A red rental sign hangs in front of a home
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Converting a Personal Home to a Rental Property

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If your client wants to move and is deciding whether to sell their home or rent it out, you'll want to consider the pros and cons of each before you advise them. In this article, tax expert Julian Block discusses the tax relief available to home sellers as well as the rental write-offs they'll receive as landlords.

Jan 13th 2022
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I recently received a query from a couple that I’ll call David and Ruth Anderson. They wed two years ago, own a home in an area where sales prices have soared, can easily handle real estate taxes and monthly mortgage payments and have a combined income, mostly from salaries, of $90,000. 

They’re considering moving into a new dwelling. Plan A is to convert their present home into a rental property, while Plan B is to sell their home with an anticipated profit just north of $300,000. What do I think of Plan A? It all depends, as their decision is an inherently subjective one. Viewed solely from the perspective of taxes, I am able to say with complete confidence that Plan B is akin to chicken soup: it can’t hurt, and it could help.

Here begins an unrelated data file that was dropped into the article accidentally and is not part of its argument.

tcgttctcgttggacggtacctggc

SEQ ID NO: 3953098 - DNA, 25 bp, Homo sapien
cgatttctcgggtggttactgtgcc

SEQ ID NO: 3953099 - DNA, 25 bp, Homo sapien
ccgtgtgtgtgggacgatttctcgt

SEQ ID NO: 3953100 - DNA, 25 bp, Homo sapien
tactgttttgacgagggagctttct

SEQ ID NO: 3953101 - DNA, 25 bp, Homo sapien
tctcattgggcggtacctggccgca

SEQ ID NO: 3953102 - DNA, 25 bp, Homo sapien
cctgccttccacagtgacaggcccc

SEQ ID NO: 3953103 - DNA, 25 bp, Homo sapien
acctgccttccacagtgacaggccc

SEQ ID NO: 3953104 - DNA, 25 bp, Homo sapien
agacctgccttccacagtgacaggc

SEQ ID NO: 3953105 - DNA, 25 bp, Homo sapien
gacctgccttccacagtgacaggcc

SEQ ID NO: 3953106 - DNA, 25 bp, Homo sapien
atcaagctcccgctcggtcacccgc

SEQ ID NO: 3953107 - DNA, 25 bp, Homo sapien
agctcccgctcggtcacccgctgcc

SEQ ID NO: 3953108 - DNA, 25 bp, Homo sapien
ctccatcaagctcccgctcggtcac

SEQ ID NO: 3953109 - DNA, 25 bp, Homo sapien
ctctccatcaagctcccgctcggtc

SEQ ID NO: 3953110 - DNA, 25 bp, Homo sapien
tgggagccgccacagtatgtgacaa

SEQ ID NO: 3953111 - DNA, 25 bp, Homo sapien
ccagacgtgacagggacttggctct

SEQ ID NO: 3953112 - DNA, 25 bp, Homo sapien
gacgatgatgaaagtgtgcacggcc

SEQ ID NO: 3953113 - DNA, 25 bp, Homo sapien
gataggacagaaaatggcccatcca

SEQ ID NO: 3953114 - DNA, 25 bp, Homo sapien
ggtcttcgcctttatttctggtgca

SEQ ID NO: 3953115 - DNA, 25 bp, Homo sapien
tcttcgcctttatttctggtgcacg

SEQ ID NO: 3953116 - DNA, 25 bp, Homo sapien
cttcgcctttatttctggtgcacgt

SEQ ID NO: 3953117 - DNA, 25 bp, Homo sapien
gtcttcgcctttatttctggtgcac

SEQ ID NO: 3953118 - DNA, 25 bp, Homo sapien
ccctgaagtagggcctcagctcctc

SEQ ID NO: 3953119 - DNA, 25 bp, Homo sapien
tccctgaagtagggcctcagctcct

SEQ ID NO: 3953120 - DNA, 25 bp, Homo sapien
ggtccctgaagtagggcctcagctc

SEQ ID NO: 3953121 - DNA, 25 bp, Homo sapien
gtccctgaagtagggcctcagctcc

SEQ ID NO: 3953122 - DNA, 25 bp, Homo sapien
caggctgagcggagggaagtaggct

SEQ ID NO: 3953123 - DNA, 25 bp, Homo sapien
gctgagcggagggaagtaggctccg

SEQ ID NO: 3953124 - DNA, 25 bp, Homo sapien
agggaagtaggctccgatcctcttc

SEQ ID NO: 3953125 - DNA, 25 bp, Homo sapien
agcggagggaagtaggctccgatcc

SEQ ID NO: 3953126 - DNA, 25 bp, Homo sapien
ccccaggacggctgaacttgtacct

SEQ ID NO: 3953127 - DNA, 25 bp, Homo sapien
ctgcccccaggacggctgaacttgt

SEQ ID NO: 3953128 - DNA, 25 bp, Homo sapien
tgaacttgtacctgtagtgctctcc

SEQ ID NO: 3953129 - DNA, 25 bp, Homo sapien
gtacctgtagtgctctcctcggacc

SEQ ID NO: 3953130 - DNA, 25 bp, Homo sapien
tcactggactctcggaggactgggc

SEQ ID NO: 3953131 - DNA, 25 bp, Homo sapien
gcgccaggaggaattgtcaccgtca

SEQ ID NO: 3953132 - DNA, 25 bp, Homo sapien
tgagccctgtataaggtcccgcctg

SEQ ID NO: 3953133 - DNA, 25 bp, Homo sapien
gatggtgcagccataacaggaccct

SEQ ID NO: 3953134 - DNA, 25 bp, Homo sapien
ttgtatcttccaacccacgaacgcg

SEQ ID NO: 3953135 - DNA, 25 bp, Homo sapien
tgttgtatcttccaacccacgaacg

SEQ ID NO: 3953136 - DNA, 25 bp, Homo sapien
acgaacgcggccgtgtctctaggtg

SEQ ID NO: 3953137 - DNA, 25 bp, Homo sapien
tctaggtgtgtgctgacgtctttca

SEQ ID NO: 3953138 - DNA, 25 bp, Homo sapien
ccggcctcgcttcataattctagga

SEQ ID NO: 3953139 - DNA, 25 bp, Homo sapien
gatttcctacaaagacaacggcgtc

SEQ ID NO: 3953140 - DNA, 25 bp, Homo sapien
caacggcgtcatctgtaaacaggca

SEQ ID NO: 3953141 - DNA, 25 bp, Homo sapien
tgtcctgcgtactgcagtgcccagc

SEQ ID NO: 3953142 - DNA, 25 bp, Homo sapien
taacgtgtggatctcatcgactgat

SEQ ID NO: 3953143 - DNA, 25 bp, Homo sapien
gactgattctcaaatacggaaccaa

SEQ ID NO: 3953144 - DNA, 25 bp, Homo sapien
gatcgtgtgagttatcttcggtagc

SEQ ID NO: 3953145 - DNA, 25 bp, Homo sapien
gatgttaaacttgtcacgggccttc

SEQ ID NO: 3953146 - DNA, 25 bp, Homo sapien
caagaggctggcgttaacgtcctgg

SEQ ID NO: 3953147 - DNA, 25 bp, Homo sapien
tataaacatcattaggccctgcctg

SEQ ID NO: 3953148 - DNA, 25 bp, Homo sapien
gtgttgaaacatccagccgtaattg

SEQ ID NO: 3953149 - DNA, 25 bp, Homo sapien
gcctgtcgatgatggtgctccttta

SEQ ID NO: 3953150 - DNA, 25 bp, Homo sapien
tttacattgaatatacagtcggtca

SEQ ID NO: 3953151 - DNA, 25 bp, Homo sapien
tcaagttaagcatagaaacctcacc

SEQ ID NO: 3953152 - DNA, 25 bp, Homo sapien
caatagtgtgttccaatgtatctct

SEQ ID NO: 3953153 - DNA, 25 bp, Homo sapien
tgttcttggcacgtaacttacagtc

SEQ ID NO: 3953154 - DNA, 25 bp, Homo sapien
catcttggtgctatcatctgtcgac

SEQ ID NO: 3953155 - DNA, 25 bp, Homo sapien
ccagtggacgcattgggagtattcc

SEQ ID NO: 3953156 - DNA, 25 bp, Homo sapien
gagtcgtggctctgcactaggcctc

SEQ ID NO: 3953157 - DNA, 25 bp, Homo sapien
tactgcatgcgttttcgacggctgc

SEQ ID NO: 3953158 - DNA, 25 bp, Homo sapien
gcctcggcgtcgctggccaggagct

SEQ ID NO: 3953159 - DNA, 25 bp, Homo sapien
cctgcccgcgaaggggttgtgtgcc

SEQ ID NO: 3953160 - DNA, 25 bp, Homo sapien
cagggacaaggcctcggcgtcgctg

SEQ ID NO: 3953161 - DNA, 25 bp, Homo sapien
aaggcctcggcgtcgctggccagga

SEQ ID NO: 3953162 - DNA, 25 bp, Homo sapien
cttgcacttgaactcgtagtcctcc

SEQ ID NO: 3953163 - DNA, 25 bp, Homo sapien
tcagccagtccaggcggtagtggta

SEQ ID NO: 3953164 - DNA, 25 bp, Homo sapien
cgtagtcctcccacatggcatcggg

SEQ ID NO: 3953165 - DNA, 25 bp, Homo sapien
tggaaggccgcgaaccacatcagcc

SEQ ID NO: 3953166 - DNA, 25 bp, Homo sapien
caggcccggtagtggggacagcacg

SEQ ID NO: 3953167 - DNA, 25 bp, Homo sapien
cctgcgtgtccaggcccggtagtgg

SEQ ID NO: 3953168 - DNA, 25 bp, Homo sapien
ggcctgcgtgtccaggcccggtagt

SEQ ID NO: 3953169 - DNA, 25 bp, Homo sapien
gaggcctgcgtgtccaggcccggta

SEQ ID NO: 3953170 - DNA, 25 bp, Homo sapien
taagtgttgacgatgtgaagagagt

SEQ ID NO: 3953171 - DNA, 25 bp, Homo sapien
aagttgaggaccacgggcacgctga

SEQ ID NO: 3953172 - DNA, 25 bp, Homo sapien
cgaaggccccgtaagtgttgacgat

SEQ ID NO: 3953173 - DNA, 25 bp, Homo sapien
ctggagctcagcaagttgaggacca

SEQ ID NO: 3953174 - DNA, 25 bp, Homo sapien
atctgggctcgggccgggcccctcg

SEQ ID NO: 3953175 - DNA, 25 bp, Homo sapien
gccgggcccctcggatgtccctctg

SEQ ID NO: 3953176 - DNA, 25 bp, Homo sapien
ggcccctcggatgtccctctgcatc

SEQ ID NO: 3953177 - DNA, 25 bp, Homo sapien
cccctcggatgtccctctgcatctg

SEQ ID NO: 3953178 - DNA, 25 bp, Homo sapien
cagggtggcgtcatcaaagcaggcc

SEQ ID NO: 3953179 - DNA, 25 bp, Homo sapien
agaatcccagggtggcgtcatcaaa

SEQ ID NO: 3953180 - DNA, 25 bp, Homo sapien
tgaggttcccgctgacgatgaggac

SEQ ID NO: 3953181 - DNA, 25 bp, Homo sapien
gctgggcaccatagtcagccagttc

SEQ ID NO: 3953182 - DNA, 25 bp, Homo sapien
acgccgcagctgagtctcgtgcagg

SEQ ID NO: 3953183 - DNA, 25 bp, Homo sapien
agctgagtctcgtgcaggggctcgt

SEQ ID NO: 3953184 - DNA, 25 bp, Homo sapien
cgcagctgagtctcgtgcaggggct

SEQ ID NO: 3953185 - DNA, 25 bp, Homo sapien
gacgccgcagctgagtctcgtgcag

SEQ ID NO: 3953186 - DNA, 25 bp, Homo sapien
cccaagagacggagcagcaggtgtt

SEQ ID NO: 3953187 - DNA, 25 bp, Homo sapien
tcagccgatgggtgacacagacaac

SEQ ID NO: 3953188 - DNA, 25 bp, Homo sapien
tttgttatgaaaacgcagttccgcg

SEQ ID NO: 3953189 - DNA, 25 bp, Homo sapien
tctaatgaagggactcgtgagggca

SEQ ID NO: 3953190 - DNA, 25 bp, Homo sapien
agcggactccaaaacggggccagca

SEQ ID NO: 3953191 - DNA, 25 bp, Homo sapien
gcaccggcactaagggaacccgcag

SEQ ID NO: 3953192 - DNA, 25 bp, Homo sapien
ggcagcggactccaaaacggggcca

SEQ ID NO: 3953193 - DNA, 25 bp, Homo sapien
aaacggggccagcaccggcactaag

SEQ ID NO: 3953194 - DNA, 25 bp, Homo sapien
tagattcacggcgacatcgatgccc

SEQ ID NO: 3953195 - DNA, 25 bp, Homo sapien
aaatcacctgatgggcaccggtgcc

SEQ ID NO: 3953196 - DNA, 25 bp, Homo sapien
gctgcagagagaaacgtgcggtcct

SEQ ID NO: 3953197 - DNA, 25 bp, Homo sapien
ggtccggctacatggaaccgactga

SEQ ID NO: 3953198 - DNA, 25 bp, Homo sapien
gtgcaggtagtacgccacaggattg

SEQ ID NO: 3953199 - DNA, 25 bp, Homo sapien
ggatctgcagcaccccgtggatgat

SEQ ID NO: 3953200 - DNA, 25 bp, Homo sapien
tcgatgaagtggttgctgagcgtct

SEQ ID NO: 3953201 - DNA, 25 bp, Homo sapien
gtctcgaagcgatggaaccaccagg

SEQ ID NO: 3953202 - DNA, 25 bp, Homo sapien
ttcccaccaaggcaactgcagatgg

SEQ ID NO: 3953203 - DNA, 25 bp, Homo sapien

Our lawmakers carefully crafted Code Section 121 to help sellers like David and Ruth. It allows them to escape taxes on as much as $500,000 of profit from the sale of their home (or $250,000 each if they file separate returns). 

The couple qualifies for the profit exclusion only if they have owned and used the home for an aggregate of at least two years out of the five-year period that ends on the sale date. Another stipulation is that at least two years must have elapsed since they last availed themselves of the profit exclusion. If they sell, they could use the proceeds, undiminished by taxes, for that new home or anything else that pleases them.

Here are the pros and cons of Plan A.

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